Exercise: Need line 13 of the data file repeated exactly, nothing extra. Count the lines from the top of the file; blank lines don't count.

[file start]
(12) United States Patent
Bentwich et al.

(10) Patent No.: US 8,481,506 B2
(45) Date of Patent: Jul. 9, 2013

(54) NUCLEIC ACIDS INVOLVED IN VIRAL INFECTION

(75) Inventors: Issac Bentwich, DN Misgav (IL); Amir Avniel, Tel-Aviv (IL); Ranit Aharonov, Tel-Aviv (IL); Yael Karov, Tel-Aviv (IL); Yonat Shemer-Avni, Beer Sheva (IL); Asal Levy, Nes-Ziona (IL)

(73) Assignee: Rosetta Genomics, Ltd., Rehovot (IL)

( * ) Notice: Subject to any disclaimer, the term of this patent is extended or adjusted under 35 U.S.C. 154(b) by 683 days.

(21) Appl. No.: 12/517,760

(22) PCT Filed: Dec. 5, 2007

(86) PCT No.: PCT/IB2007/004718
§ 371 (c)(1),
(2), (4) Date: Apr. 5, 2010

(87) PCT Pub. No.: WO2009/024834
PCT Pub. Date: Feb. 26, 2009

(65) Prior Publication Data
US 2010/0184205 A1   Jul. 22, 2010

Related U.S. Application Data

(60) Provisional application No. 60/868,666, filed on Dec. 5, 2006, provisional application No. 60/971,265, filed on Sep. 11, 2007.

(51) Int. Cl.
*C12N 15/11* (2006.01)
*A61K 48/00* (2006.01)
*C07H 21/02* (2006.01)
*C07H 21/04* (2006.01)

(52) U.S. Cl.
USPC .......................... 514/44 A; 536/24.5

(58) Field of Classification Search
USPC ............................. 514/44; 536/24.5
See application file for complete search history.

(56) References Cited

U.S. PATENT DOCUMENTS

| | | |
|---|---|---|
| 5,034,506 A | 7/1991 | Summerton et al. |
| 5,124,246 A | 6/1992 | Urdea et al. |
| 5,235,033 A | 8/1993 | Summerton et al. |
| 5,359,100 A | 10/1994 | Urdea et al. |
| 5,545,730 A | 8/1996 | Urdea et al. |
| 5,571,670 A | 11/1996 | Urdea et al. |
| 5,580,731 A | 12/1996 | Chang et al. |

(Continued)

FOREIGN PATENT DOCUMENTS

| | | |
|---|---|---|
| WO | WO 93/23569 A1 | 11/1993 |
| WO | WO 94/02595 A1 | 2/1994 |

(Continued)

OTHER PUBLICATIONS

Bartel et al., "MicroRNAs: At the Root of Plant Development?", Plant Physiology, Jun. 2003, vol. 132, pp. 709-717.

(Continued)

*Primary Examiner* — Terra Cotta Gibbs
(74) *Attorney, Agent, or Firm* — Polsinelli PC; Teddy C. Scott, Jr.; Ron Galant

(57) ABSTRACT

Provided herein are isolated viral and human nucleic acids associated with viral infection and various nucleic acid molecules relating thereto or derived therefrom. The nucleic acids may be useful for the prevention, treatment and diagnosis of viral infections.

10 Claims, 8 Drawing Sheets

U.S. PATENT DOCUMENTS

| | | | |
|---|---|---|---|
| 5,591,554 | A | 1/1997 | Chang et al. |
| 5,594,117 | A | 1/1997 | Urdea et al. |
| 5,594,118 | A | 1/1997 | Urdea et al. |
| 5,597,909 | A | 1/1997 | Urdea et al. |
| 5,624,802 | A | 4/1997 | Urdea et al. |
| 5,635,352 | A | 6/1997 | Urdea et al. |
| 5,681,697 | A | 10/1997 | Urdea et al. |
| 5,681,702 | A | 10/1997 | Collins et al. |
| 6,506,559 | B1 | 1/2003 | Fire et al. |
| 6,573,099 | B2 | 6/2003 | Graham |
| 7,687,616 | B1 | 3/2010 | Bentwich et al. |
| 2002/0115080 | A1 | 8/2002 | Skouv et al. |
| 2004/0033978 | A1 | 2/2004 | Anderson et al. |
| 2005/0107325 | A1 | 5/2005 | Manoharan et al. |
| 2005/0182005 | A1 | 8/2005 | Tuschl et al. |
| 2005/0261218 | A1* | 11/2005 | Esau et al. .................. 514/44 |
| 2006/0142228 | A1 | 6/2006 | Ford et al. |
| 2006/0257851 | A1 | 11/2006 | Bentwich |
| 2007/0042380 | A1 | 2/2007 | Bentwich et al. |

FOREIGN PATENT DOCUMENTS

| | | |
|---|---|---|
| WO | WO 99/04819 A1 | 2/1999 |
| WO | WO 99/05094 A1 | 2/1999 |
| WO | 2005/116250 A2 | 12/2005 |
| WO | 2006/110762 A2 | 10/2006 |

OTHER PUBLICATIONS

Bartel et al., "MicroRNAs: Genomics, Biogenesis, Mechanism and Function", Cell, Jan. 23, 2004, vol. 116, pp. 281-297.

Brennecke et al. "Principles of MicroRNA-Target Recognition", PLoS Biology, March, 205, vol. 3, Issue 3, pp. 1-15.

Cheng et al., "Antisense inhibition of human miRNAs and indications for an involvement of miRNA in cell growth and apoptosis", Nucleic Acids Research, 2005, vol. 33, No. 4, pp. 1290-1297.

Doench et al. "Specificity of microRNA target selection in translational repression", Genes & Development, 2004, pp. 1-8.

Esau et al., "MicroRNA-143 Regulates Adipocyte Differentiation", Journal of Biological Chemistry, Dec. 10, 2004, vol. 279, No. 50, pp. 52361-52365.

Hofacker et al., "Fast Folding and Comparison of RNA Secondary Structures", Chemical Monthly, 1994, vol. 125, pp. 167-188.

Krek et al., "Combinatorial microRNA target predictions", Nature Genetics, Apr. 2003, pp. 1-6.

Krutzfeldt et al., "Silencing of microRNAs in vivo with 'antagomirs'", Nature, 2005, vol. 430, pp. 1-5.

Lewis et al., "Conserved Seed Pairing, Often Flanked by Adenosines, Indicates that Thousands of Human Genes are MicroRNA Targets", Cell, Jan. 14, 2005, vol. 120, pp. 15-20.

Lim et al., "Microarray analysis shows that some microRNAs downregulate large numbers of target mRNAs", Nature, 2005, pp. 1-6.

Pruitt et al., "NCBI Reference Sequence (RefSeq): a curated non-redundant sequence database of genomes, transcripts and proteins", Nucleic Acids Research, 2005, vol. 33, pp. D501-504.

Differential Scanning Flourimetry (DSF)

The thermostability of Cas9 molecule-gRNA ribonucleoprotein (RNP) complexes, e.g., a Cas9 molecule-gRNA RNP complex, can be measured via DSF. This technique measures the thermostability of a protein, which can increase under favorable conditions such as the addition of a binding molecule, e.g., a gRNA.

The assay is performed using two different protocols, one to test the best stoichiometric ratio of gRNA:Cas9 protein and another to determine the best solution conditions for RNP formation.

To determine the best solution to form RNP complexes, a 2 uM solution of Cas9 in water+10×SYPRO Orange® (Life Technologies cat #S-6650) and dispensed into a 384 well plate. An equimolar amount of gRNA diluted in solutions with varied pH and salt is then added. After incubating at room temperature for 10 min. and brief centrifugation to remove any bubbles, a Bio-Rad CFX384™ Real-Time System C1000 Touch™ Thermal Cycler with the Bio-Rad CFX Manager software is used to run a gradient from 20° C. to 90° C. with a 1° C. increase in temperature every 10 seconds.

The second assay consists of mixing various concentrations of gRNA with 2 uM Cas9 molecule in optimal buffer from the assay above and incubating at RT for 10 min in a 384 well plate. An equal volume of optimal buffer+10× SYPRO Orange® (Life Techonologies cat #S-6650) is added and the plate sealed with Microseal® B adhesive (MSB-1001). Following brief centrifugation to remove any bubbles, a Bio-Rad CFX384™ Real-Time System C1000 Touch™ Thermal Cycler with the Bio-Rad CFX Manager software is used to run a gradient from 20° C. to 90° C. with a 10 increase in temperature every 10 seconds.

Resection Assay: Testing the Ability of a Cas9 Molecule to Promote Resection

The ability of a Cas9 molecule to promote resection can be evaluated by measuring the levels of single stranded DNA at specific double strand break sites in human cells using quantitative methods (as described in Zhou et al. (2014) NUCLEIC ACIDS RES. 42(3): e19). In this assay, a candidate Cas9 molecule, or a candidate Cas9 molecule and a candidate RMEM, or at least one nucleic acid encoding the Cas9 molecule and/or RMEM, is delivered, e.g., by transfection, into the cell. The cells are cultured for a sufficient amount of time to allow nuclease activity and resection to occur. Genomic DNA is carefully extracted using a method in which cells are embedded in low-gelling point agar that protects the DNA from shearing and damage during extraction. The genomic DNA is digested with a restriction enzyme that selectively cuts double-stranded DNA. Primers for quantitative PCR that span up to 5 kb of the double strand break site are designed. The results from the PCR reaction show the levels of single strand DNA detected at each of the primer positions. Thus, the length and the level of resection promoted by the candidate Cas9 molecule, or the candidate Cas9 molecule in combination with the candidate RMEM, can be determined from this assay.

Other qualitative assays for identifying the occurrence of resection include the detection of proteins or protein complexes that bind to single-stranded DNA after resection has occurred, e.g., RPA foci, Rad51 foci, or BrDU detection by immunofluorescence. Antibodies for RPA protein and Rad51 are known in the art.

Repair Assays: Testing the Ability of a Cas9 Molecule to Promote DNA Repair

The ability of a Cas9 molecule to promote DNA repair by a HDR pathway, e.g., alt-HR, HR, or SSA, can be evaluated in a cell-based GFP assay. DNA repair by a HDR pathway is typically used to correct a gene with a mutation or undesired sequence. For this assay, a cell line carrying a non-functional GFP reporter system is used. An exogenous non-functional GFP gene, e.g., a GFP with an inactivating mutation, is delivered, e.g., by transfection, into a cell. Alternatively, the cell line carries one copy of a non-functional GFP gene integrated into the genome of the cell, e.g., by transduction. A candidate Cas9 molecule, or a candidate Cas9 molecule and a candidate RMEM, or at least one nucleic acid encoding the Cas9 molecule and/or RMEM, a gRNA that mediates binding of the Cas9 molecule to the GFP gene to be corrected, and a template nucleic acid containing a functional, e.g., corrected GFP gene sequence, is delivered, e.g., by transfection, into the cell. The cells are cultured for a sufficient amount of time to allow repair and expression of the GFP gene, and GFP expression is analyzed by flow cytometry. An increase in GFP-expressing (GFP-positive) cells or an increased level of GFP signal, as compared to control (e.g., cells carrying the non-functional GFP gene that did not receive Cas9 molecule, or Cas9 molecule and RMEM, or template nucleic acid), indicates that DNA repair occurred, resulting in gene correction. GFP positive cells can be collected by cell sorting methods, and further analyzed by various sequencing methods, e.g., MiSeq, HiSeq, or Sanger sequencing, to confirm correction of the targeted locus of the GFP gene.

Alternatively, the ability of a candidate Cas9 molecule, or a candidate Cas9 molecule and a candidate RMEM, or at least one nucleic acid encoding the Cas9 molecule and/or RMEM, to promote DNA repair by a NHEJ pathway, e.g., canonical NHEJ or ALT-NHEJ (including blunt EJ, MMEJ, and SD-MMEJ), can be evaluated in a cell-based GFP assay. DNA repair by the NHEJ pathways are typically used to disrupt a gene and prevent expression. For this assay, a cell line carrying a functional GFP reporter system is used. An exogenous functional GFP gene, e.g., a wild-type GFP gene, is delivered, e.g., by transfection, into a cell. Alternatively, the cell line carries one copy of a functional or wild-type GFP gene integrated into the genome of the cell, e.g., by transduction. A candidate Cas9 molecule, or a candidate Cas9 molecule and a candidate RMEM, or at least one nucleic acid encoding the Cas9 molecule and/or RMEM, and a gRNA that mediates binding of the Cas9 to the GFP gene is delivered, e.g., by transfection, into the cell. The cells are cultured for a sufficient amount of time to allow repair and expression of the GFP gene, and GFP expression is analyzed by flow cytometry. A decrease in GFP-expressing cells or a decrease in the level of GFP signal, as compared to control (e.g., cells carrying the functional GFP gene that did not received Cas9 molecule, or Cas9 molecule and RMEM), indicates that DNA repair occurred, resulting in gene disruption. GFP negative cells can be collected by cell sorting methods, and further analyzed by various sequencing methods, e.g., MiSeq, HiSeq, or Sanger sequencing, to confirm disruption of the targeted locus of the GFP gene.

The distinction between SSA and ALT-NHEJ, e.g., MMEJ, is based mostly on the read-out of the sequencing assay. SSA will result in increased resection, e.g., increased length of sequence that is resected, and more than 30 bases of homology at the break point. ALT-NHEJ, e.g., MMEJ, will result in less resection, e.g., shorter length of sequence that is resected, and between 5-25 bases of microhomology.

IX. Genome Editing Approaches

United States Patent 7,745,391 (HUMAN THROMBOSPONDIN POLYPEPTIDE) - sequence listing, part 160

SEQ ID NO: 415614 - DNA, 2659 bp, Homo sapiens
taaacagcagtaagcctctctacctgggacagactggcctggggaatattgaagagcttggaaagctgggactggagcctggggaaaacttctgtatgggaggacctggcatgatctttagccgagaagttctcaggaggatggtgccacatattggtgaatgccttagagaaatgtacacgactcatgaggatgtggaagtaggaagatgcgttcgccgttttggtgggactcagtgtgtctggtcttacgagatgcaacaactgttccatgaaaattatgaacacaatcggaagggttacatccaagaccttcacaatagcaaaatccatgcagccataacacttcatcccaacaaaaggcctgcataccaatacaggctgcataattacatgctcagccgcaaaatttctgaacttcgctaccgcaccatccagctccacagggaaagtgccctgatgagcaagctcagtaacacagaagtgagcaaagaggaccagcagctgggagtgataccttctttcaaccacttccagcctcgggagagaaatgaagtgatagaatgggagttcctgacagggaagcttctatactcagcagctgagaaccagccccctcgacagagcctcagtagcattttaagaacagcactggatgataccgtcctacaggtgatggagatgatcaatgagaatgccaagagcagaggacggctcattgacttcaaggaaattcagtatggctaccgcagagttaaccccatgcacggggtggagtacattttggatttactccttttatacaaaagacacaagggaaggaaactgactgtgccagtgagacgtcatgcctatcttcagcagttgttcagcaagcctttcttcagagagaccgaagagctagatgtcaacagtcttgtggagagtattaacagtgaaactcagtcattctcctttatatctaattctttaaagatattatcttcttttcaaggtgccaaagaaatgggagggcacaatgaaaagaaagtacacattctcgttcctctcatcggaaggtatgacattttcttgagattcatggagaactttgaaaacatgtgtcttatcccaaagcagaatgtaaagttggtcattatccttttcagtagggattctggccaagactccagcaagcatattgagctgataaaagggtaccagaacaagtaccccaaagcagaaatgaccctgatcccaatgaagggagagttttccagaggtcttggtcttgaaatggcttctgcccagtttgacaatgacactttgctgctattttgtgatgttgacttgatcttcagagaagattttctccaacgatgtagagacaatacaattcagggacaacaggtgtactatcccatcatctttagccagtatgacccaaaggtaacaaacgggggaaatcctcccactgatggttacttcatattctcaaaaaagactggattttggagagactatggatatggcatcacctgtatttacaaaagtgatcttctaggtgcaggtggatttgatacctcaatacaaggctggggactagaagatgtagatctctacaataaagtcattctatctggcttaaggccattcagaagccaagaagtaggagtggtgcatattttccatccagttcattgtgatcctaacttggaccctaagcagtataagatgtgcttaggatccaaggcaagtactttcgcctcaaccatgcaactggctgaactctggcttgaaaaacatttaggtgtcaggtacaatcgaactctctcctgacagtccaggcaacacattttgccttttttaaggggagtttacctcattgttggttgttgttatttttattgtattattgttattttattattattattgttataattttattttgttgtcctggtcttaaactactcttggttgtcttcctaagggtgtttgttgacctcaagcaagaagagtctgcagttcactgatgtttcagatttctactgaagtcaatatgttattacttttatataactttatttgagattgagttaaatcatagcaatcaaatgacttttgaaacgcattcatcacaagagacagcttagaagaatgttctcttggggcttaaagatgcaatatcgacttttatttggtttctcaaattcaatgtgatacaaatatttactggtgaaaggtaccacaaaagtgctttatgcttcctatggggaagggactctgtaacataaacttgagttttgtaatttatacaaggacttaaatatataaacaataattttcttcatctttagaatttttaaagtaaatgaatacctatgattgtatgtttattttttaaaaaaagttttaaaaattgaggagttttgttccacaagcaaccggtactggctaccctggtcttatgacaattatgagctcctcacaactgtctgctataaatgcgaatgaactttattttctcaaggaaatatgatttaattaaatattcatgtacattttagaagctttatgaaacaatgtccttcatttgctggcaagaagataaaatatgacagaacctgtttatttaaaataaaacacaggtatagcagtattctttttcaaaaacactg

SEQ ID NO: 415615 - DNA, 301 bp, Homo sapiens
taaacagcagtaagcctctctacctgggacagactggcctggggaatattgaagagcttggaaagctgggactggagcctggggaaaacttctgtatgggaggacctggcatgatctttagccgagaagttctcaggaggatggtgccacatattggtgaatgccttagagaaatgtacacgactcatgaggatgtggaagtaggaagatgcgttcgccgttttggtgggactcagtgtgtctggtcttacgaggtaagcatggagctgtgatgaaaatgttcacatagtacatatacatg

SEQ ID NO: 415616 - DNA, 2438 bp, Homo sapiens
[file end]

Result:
(2), (4) Date: Apr. 5, 2010